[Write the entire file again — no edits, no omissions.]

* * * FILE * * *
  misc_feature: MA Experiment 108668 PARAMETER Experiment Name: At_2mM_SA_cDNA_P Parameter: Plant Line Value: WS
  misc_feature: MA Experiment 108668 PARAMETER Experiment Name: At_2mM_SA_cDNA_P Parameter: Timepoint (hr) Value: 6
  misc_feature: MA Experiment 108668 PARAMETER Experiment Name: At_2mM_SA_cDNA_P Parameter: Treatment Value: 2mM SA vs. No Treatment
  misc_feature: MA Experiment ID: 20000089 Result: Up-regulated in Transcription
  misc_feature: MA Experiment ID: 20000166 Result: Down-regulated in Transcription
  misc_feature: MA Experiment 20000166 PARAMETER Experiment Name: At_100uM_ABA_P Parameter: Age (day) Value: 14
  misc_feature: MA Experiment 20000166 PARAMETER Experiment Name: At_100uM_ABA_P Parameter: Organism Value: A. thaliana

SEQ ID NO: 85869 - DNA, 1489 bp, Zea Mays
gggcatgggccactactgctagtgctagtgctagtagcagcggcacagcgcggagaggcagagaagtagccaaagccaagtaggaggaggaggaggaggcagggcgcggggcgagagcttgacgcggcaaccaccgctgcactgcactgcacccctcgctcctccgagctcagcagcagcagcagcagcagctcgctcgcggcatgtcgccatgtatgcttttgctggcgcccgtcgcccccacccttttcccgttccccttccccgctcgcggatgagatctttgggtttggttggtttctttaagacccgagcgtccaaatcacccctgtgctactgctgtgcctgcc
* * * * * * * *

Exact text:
  misc_feature: MA Experiment 108668 PARAMETER Experiment Name: At_2mM_SA_cDNA_P Parameter: Plant Line Value: WS
  misc_feature: MA Experiment 108668 PARAMETER Experiment Name: At_2mM_SA_cDNA_P Parameter: Timepoint (hr) Value: 6
  misc_feature: MA Experiment 108668 PARAMETER Experiment Name: At_2mM_SA_cDNA_P Parameter: Treatment Value: 2mM SA vs. No Treatment
  misc_feature: MA Experiment ID: 20000089 Result: Up-regulated in Transcription
  misc_feature: MA Experiment ID: 20000166 Result: Down-regulated in Transcription
  misc_feature: MA Experiment 20000166 PARAMETER Experiment Name: At_100uM_ABA_P Parameter: Age (day) Value: 14
  misc_feature: MA Experiment 20000166 PARAMETER Experiment Name: At_100uM_ABA_P Parameter: Organism Value: A. thaliana

SEQ ID NO: 85869 - DNA, 1489 bp, Zea Mays
gggcatgggccactactgctagtgctagtgctagtagcagcggcacagcgcggagaggcagagaagtagccaaagccaagtaggaggaggaggaggaggcagggcgcggggcgagagcttgacgcggcaaccaccgctgcactgcactgcacccctcgctcctccgagctcagcagcagcagcagcagcagctcgctcgcggcatgtcgccatgtatgcttttgctggcgcccgtcgcccccacccttttcccgttccccttccccgctcgcggatgagatctttgggtttggttggtttctttaagacccgagcgtccaaatcacccctgtgctactgctgtgcctgcc